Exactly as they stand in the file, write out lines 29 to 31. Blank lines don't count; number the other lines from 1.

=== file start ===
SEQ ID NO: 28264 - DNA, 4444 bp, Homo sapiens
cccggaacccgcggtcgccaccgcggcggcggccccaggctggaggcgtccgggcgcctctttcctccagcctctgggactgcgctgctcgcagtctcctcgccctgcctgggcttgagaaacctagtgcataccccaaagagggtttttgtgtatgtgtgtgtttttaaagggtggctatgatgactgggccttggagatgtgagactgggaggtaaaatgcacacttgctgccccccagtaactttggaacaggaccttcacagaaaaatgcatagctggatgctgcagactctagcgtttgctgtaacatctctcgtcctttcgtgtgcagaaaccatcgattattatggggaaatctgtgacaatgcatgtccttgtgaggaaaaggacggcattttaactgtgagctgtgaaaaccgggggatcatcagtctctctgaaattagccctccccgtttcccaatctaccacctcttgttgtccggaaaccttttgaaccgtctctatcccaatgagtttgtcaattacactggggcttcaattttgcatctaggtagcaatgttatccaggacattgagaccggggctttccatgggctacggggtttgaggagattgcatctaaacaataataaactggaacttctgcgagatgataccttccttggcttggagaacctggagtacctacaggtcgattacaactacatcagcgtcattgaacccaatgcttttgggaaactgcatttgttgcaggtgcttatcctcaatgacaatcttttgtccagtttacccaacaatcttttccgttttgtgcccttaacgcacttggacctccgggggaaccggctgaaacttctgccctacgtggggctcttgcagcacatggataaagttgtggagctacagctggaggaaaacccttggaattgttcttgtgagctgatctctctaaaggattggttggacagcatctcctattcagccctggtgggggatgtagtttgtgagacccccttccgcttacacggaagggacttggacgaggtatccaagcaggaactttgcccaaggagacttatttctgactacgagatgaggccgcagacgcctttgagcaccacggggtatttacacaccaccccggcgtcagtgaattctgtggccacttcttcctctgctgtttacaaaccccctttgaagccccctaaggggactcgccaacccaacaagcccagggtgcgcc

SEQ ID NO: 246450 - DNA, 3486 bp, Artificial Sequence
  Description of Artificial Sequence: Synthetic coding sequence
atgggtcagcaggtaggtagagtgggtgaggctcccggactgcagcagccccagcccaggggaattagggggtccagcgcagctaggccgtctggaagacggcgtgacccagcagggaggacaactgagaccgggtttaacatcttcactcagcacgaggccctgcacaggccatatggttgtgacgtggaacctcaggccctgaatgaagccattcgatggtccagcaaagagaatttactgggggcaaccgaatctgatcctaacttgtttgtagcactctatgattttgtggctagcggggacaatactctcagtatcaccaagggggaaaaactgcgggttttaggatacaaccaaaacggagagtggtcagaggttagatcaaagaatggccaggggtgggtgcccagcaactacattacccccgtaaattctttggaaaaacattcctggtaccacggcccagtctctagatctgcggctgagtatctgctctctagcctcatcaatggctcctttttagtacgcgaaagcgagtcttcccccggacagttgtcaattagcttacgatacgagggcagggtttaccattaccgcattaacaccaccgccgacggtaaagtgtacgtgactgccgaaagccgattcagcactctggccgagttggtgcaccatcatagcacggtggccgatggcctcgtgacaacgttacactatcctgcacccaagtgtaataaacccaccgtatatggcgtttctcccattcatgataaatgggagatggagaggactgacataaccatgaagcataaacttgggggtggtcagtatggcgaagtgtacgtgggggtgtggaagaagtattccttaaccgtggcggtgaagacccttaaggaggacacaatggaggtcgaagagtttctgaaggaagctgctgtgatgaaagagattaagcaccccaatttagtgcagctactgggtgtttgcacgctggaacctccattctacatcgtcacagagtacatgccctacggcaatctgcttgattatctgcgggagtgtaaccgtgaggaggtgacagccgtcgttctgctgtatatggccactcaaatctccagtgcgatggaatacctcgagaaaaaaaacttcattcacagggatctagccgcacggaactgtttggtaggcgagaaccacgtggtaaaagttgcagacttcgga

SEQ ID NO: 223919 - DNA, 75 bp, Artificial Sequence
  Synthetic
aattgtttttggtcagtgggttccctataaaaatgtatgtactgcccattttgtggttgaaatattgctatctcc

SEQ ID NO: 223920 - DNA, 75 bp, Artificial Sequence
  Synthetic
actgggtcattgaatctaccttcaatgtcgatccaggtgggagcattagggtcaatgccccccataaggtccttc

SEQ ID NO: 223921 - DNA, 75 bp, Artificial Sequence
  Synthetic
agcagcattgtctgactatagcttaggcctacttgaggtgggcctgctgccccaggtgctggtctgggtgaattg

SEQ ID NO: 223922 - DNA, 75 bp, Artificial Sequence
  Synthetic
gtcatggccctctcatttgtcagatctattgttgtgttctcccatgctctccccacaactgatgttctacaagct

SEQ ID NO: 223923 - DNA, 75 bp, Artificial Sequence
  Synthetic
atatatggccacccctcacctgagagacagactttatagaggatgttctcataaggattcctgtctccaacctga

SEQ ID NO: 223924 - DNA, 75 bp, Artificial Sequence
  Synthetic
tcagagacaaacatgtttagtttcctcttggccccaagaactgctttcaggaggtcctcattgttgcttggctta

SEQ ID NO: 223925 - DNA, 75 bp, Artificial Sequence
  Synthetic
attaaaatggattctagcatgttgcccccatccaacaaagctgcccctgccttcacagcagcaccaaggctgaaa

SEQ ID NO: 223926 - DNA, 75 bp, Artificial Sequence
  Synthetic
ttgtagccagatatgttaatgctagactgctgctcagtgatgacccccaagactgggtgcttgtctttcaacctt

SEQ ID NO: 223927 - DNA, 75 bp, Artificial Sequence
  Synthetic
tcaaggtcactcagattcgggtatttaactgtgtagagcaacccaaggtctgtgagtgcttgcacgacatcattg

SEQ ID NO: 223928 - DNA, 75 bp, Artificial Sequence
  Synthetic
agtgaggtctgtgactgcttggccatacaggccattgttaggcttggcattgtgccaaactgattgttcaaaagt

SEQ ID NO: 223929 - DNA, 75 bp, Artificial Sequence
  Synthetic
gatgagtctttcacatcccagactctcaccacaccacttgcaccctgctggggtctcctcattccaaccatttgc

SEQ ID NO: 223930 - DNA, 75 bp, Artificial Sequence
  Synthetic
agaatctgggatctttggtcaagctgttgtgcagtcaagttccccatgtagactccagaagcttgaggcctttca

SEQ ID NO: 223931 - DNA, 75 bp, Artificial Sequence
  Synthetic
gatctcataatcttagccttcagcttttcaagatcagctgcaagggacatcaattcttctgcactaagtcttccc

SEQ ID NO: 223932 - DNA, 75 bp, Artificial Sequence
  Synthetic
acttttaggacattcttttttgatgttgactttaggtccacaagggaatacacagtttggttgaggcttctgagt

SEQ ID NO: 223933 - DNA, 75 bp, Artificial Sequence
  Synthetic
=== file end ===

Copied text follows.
ttgtagccagatatgttaatgctagactgctgctcagtgatgacccccaagactgggtgcttgtctttcaacctt

SEQ ID NO: 223927 - DNA, 75 bp, Artificial Sequence
  Synthetic